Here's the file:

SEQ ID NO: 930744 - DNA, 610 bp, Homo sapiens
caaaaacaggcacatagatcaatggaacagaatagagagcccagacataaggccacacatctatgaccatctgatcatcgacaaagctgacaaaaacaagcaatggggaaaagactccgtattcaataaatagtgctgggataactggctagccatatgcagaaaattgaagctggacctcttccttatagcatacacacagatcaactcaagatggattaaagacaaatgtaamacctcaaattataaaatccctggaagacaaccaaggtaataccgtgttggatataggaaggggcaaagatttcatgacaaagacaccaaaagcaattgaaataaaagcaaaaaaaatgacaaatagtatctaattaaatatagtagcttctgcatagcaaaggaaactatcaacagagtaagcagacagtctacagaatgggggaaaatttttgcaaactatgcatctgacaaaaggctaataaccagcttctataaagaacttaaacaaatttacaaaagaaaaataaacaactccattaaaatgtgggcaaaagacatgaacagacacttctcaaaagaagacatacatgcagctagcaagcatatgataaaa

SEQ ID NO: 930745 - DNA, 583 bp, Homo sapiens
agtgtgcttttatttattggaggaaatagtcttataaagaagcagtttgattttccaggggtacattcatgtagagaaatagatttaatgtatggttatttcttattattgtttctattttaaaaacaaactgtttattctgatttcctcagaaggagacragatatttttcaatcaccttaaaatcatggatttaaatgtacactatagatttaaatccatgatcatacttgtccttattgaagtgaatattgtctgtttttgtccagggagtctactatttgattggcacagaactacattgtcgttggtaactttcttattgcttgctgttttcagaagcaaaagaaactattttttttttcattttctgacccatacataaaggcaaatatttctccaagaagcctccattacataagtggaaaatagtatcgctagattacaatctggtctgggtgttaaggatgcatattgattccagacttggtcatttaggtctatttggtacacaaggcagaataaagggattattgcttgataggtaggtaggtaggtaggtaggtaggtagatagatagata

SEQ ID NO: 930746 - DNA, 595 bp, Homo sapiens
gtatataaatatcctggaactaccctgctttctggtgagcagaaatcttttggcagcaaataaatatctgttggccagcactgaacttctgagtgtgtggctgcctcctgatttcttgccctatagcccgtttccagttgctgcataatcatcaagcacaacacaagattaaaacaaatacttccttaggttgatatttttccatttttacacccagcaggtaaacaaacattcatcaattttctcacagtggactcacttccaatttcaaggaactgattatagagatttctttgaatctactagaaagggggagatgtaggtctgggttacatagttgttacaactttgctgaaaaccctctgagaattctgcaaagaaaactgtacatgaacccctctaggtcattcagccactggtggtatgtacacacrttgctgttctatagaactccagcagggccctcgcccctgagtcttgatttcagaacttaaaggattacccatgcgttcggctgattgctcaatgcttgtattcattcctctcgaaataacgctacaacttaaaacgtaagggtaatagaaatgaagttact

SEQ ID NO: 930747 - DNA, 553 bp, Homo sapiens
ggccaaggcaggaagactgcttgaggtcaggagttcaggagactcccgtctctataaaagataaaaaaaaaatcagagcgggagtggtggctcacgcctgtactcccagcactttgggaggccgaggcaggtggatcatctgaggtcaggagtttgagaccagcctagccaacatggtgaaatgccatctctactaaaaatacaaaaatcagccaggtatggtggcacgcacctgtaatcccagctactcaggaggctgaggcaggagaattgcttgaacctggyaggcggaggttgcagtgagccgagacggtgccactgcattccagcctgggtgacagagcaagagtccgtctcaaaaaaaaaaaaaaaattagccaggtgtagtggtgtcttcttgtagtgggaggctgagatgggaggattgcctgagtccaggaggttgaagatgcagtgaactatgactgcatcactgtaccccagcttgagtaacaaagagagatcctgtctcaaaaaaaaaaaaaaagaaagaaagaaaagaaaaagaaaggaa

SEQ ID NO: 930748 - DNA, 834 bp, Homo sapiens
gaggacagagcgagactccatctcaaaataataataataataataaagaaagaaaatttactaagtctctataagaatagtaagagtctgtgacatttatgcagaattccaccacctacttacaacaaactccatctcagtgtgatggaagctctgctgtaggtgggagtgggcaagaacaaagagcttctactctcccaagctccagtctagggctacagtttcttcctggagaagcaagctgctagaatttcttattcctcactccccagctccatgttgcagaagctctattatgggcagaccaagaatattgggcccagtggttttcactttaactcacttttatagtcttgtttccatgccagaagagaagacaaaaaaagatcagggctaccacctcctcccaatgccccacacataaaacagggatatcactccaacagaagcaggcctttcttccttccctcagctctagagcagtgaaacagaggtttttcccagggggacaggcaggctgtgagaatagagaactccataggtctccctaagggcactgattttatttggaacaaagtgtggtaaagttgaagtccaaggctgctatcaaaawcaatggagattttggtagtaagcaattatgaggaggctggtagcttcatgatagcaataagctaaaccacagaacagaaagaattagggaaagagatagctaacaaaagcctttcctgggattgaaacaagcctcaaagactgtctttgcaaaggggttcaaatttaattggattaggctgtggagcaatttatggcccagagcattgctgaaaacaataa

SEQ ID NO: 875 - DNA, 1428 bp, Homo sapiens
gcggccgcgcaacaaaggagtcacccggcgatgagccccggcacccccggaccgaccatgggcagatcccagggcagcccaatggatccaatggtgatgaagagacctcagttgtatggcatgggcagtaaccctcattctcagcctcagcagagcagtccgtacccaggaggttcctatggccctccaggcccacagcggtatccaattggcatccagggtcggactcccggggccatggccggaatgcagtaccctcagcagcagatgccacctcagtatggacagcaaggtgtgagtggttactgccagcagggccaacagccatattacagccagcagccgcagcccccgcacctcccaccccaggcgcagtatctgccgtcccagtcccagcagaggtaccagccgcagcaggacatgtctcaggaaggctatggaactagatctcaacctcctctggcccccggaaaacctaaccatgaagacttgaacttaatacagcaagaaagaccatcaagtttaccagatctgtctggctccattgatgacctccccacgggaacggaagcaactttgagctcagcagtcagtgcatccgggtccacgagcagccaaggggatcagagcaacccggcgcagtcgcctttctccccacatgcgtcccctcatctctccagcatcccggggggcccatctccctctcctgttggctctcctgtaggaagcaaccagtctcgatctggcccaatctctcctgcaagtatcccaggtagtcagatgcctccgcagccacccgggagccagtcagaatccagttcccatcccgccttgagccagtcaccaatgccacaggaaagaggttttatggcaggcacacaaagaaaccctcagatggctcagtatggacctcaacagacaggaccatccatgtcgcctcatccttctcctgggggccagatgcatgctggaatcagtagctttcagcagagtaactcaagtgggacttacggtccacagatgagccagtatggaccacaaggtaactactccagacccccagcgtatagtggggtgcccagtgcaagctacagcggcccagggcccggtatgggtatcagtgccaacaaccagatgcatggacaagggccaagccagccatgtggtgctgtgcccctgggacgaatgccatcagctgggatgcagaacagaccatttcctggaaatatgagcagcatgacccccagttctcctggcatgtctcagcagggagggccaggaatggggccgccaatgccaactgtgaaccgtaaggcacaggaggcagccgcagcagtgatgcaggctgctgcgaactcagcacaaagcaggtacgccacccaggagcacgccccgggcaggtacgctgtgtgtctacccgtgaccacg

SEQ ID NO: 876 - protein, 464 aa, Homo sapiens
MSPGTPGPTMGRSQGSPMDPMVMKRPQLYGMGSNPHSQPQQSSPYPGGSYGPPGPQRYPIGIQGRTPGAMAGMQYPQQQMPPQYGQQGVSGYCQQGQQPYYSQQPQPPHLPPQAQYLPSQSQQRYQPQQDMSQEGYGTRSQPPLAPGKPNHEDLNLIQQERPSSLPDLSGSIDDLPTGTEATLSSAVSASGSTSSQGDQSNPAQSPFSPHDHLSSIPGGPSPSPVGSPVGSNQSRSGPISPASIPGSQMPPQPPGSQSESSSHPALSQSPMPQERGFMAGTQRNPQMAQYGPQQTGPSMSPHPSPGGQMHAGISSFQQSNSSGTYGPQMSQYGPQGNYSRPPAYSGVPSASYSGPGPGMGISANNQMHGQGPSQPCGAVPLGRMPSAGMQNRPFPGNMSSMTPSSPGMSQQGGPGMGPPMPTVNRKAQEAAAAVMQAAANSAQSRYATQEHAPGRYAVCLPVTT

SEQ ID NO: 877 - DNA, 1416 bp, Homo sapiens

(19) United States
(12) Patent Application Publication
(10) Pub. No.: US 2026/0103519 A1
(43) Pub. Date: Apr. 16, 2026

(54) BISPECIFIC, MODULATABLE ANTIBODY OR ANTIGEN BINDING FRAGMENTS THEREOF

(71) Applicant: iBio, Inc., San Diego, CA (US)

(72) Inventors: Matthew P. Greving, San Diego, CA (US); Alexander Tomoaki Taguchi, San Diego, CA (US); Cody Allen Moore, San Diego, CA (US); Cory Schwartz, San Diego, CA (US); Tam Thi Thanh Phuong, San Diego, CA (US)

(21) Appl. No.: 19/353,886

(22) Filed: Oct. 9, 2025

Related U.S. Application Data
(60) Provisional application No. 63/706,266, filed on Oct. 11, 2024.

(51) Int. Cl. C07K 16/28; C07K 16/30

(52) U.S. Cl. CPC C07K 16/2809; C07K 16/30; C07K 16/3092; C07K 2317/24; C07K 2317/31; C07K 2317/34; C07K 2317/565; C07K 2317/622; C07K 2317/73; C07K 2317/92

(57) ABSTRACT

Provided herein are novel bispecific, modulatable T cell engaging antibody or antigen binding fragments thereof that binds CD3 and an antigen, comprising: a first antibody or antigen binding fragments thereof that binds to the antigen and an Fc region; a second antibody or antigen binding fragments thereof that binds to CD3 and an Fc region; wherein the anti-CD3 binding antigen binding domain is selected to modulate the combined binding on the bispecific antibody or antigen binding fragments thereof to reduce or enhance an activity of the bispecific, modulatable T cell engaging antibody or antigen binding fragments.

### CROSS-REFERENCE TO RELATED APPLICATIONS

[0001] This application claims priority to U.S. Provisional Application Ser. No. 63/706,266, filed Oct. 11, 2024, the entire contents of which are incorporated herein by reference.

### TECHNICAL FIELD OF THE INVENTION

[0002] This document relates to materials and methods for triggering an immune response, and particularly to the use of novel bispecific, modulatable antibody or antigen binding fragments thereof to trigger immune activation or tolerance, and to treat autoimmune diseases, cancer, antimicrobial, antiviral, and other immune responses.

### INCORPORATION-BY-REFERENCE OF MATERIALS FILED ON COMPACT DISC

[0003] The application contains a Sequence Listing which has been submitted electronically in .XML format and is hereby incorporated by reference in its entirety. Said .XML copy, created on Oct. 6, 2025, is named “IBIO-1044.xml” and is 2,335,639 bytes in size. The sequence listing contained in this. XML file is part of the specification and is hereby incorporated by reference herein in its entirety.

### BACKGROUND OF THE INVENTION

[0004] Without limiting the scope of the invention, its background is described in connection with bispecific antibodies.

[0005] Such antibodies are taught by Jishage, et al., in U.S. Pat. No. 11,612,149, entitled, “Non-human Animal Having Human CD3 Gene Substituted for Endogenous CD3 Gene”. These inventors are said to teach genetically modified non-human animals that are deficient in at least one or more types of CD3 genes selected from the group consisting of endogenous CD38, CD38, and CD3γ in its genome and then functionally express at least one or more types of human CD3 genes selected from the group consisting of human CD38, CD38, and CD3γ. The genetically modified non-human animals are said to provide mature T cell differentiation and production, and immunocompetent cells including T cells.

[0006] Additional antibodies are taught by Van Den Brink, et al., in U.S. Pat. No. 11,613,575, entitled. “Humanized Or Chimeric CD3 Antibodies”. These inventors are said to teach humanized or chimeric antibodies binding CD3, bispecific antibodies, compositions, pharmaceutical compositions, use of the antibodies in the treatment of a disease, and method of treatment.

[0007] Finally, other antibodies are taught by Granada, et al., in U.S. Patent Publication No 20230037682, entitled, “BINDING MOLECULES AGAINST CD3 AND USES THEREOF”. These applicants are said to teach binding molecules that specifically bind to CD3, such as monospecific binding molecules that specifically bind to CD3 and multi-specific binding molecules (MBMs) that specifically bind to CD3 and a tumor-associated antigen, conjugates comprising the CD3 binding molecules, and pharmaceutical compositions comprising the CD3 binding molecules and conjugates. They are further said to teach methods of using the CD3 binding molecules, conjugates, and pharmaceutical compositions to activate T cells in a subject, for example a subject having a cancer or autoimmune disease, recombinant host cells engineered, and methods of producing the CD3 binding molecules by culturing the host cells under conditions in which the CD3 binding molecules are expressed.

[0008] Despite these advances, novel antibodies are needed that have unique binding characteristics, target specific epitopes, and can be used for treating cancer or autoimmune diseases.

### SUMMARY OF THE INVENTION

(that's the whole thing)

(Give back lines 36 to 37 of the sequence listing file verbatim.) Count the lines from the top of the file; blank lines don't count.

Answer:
[0003] The application contains a Sequence Listing which has been submitted electronically in .XML format and is hereby incorporated by reference in its entirety. Said .XML copy, created on Oct. 6, 2025, is named “IBIO-1044.xml” and is 2,335,639 bytes in size. The sequence listing contained in this. XML file is part of the specification and is hereby incorporated by reference herein in its entirety.

### BACKGROUND OF THE INVENTION